ABBA looks back on its first decade. By Stephen Holden

ABBA: The Singles - The First Ten Years – (Atlantic 80036-1-G) sums up the first decade in the career of the Swedish pop quartet that claims to have sold more albums worldwide (well over 100 million) than any group since The Beatles. With 23 songs sequenced chronologically, the two-disk set traces the development of ABBA’s sound from a jingly hard-edged pop toward a grander, texturally more expansive mode of synthesizer pop.

ABBA’s success is attributable above all to its irresistible tunes. Written mostly by the group’s songwriter-producers and instrumentalists Björn Ulvaeus and Benny Andersson, ABBA‘s melodies have the indelible charm of Christmas carols like Jingle Bells. These assertive, happy melodies that practically flaunt their clichéd turns of phrase, are ideally suited to ABBA’s lead singers Agnetha Fältskog and Anni-Frid Lyngstad, both sopranos with clear, light voices and careful diction. Just as ABBA’s songs seem remote from any sense of personal involvement, the women in the group sing from the polite distance of choir-mistresses.

The combination of simplicity and formality in ABBA’s music jibes with the group’s goal of crafting a global pop style that’s a sort of pop music answer to Esperanto. Instead of Swedish, the group has written and re-recorded most of its material in a grammatically correct but non-idiomatic English, using the simplest of vocabularies. Pronounced phonetically, the lyrics become a kind of computer language, made all the more abstract by ABBA’s faraway pose of gleaming angelic cordiality.

The earliest songs on the anthology, Ring, Ring, So Long, Waterloo and I Do, I Do, I Do, I Do, I Do echo American hits from the late 1950s and early 1960s by Pat Boone, Connie Francis and other singers who used rock and roll as the basis of a tinny, bland-sounding American pop. Waterloo, the international hit that launched the group when it won the Eurovision Song Contest in 1974, is their most appealing early song, with its penny marching tune and grand choral vocal arrangement.

As ABBA’s sound grew more spacious, the group’s aural models became more fashionable. The exuberant female choruses and airy textures of such hits as Knowing Me, Knowing You, S.O.S. and The Name Of The Game, look back to the producer Phil Spector’s hits with The Ronettes and The Crystals. The harmonized syllabic incantations of songs like Take A Chance On Me recall such Beach Boys hits as Barbara Ann and Good Vibrations. During the same period that ABBA parodied American rock and roll from the mid-1960s, the group also cultivated specific European markets with songs like Mamma Mia, Chiquitita and Fernando, whose melodies adopted traditional Europeans flavors.

With the singles Dancing Queen and Voulez-Vous, ABBA’s music also incorporated Afro-American inflections, as they bowed to the late 1970s disco craze. Their verses of Dancing Queen features a Bo Diddley riff, while Voulez-Vous uses snappy light funk horn charts. In both songs, the combination of airy dance rhythms and candied studio textures suggests a giant singing merry-go-round.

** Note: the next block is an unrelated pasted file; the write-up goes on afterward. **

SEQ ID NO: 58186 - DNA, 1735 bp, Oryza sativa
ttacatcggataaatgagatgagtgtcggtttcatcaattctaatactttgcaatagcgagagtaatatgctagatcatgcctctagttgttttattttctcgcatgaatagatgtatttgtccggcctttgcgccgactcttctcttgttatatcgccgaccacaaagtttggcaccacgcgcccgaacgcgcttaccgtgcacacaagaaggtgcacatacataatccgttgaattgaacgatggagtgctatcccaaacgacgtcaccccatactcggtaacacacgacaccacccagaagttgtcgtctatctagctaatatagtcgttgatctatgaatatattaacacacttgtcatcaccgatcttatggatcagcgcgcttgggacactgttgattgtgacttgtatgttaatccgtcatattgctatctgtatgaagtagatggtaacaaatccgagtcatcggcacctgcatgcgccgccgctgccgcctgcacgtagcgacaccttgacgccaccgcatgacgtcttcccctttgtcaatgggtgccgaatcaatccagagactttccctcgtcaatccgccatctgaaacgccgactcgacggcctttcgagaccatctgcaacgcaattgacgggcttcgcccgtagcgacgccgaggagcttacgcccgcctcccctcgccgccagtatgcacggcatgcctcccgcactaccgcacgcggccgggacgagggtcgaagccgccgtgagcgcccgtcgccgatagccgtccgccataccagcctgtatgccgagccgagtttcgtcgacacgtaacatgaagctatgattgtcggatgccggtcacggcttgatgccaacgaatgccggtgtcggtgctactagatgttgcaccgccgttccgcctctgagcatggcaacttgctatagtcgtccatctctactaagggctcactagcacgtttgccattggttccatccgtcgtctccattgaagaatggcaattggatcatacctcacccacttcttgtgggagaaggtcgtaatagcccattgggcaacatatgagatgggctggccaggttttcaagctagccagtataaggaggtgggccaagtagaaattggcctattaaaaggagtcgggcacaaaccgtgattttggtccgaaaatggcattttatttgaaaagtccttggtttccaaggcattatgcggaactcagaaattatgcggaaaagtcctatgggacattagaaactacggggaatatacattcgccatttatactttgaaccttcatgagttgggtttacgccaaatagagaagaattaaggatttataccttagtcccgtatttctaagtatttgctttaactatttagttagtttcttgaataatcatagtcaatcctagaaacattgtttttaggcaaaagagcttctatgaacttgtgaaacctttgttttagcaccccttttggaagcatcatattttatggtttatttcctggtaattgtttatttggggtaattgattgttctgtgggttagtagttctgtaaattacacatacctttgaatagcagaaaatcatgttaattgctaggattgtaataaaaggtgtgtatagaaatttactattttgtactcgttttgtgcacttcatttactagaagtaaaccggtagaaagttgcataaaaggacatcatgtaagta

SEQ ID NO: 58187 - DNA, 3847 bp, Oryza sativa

As the disco craze waned, ABBA’s music once again became more European in feel. With their lavishly harmonized vocals and such florid touches as choirs of mandolins and electric sitar, songs like Super Trouper, I Have A Dream and The Winner Takes It All suggests a massive children’s chorus echoing through the Alps.

Stylistically, ABBA’s music has proved to be a decisive bridge between the 1960s, when American pop styles dominated international markets, and today’s synthesizer pop which is more European than American in its orientation. ABBA’s sketchy skeletal tunes with their childlike repetitions were obvious forerunners of the electronic chants of contemporary English techno-pop groups like Human League and A Flock Of Seagulls. Even Elvis Costello, the foremost singer-songwriter of the British new wave, has acknowledged ABBA as an important influence on his songwriting. Many of Mr Costello’s tunes share with ABBA’s a staccato-like matching of note to syllable.

Most importantly, ABBA was the first group to market itself successfully as a musical entity with a global point of view. While other groups, notably The Clash and The Police, have carried the concept of internationalism further by writing socially relevant lyrics and bringing African and third world rhythms to their music, it was ABBA who pointed the way. Never in the annals of modern pop has a major group had so little to say of literary interest, yet been so influential. ABBA-The Singles is a testimony to the unstoppable power of the catchy tune. Transcribed for ABBA World

The New York Times · Sunday, 13 February 1983 (Page 28)


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